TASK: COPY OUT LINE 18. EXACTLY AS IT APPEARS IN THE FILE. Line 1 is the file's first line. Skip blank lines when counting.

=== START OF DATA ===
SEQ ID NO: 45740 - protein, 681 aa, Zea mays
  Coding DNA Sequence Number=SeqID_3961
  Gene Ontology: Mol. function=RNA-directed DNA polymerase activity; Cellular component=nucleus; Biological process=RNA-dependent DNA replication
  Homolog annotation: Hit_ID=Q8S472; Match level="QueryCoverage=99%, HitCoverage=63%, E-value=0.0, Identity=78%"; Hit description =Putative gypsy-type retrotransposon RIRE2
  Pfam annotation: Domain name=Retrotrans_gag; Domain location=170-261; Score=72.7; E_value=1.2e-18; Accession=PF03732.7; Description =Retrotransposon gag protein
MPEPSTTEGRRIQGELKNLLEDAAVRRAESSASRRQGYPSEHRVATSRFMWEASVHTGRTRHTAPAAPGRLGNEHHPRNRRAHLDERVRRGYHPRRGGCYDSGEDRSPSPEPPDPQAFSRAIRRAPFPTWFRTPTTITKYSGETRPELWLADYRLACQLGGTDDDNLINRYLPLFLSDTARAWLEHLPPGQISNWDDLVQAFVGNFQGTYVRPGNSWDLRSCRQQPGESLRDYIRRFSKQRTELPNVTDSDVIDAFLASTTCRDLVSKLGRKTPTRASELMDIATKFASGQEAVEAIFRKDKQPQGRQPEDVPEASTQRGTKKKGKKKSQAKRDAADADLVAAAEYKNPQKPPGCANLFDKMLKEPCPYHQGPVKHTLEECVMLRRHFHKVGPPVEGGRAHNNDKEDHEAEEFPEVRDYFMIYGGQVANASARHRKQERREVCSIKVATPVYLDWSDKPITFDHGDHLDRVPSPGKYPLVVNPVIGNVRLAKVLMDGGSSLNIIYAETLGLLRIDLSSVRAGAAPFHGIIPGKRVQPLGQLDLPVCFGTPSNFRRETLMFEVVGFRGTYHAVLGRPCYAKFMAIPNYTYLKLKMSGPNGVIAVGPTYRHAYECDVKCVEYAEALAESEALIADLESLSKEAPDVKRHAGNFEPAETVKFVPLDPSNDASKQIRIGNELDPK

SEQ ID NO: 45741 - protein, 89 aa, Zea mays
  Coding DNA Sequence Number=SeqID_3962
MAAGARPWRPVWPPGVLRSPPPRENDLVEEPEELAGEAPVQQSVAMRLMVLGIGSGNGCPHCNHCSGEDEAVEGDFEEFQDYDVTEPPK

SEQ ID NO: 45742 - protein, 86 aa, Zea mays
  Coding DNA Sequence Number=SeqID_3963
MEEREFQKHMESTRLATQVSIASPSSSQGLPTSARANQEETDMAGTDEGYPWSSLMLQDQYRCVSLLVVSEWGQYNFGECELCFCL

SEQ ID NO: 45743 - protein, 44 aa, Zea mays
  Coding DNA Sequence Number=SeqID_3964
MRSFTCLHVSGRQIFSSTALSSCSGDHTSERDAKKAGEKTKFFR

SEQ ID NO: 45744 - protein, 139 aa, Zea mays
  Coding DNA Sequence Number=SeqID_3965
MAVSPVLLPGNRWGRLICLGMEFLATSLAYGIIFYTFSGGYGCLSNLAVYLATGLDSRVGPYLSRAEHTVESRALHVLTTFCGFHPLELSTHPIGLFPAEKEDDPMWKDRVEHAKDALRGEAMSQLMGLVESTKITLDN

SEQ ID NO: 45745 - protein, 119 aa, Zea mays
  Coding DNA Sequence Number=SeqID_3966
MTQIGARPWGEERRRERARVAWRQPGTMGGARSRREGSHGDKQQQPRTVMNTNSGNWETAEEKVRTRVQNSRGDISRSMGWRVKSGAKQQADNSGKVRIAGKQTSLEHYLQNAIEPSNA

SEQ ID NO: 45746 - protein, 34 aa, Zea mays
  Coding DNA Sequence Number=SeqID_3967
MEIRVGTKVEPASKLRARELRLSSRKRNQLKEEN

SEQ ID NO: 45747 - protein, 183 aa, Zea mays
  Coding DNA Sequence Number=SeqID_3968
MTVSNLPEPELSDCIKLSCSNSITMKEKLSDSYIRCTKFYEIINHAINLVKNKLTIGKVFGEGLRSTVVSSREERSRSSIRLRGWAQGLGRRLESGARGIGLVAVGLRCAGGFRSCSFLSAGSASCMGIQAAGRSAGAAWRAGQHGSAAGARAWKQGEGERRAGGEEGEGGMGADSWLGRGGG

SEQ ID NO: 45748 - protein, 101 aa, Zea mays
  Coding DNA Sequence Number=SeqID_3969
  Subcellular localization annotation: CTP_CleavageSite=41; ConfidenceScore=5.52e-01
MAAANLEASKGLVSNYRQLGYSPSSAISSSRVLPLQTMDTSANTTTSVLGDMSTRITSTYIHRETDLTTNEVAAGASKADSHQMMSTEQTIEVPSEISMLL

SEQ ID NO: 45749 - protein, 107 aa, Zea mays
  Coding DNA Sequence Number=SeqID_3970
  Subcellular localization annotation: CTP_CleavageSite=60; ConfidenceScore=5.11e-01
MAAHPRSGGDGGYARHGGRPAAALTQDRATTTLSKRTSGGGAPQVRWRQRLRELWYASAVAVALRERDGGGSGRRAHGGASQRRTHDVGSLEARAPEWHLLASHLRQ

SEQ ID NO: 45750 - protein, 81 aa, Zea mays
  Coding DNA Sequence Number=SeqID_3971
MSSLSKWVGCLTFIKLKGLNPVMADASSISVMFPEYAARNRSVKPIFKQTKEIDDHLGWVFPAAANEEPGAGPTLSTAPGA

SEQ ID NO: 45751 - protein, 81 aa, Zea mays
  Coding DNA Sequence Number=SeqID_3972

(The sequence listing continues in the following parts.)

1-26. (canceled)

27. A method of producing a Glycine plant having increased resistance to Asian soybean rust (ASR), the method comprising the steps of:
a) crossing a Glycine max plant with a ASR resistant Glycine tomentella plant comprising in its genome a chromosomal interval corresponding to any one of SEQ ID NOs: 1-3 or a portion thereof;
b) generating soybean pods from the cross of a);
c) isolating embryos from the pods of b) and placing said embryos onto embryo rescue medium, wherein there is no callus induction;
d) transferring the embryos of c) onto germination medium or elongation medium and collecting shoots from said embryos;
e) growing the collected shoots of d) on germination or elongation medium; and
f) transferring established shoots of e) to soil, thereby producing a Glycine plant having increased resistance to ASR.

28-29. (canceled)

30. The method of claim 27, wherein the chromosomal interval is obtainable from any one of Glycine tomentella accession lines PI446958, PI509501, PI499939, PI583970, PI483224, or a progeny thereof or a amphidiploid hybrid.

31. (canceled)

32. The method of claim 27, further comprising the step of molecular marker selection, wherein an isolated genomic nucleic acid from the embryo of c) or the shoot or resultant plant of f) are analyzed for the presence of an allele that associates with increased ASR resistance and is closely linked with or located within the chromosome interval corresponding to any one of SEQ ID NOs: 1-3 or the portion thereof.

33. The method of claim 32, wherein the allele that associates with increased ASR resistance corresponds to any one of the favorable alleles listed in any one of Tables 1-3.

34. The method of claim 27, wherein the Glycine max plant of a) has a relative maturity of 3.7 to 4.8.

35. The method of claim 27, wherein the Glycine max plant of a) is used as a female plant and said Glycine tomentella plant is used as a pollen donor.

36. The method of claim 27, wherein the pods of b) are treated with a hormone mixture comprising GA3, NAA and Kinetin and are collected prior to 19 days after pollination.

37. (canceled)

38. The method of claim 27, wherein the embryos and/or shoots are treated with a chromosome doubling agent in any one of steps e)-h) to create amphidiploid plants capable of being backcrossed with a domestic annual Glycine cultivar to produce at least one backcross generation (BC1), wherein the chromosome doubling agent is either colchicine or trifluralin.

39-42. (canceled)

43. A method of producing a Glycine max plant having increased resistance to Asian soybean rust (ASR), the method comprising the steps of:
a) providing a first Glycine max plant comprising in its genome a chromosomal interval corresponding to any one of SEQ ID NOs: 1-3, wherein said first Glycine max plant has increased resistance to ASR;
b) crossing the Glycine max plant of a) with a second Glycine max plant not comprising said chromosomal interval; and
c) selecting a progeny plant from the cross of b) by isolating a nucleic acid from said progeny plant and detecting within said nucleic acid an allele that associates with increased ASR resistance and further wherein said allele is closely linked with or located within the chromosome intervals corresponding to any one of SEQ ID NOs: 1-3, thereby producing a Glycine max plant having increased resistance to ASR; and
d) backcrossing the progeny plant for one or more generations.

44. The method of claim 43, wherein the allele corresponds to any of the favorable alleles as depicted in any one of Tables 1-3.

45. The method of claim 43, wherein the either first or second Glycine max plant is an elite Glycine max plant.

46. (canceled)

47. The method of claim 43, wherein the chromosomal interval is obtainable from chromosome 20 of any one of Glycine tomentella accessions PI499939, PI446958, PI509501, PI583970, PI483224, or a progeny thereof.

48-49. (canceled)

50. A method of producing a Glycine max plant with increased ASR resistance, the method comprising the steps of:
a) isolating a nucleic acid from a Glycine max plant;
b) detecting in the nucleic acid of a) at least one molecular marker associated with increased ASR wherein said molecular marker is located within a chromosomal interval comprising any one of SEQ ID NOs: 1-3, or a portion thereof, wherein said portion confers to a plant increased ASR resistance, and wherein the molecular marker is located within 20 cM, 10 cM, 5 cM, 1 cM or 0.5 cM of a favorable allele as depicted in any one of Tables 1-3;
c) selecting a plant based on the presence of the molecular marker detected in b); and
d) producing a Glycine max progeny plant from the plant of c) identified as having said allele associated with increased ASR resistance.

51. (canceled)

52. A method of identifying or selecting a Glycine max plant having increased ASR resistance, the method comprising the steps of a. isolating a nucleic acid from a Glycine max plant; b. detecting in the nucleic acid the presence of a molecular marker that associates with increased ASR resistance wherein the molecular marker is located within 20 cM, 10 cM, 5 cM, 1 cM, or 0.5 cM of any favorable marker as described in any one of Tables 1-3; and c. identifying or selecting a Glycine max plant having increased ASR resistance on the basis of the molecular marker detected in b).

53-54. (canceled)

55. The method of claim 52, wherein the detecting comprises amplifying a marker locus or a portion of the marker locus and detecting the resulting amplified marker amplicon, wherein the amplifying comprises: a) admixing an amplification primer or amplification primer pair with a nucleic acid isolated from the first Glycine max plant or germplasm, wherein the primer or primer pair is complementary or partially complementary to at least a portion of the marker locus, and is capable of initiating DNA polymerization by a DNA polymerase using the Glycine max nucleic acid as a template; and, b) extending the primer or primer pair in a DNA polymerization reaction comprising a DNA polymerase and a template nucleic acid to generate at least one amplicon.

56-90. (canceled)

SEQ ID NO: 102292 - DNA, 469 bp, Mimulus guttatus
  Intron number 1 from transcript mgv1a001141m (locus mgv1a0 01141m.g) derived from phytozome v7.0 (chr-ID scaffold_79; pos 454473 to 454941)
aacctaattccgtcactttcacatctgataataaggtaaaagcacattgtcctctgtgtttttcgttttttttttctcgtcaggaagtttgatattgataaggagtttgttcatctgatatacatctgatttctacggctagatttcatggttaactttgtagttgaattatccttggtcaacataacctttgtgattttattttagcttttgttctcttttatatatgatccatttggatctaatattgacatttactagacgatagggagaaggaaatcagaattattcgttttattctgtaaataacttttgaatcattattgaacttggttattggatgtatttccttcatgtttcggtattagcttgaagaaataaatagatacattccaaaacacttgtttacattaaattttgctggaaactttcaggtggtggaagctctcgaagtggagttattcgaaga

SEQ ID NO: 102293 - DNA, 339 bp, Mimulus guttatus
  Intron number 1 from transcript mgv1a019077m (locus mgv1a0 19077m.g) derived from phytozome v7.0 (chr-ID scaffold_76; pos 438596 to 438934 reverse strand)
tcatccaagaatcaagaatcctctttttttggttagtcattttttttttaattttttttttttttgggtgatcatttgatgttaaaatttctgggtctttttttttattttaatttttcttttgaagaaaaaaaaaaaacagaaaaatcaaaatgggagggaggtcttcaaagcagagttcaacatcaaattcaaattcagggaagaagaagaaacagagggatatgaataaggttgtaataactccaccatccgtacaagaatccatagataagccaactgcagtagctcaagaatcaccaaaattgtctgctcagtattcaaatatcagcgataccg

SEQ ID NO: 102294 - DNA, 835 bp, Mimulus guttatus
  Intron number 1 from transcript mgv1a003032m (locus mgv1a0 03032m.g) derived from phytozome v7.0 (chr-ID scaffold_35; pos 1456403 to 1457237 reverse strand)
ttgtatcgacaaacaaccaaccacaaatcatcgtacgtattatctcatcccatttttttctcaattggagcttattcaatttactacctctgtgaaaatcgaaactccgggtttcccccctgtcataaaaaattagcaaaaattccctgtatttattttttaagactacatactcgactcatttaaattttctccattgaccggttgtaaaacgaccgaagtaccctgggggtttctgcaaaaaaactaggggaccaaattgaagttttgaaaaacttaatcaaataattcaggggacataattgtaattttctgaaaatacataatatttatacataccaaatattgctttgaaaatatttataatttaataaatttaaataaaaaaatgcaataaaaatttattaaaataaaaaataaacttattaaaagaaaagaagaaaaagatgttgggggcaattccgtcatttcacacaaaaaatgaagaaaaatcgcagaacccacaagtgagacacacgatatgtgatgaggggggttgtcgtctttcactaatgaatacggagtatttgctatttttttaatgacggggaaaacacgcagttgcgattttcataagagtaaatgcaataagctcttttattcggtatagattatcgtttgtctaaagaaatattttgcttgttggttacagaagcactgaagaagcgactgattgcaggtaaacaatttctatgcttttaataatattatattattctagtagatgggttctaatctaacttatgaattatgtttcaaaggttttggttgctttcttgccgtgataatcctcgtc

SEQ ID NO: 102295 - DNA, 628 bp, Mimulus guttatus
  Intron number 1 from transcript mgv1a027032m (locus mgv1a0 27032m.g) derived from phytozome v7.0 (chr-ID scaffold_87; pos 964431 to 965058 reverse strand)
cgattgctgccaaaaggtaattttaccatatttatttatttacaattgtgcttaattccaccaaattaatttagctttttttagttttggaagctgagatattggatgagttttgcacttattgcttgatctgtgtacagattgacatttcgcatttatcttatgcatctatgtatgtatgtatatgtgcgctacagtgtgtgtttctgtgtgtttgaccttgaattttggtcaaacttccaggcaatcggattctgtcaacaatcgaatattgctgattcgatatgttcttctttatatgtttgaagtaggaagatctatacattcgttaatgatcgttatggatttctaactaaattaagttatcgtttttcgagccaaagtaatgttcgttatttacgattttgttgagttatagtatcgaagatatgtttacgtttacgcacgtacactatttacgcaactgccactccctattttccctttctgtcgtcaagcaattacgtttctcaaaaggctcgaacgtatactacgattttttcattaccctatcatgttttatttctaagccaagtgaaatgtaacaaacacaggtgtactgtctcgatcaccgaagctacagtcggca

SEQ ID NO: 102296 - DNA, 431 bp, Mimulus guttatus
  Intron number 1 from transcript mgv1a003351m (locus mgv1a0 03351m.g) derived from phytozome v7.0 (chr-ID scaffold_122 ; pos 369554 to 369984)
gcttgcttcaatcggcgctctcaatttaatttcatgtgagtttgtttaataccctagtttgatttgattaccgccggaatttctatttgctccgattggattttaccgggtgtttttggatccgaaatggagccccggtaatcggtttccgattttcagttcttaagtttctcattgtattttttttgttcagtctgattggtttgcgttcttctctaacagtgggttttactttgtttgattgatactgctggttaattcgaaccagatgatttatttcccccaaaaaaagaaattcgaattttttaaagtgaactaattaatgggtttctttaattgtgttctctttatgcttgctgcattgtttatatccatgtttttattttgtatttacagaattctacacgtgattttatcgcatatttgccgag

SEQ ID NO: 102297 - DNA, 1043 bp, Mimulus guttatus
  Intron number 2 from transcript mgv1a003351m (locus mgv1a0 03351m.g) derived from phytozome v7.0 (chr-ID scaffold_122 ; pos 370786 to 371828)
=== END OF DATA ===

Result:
MAVSPVLLPGNRWGRLICLGMEFLATSLAYGIIFYTFSGGYGCLSNLAVYLATGLDSRVGPYLSRAEHTVESRALHVLTTFCGFHPLELSTHPIGLFPAEKEDDPMWKDRVEHAKDALRGEAMSQLMGLVESTKITLDN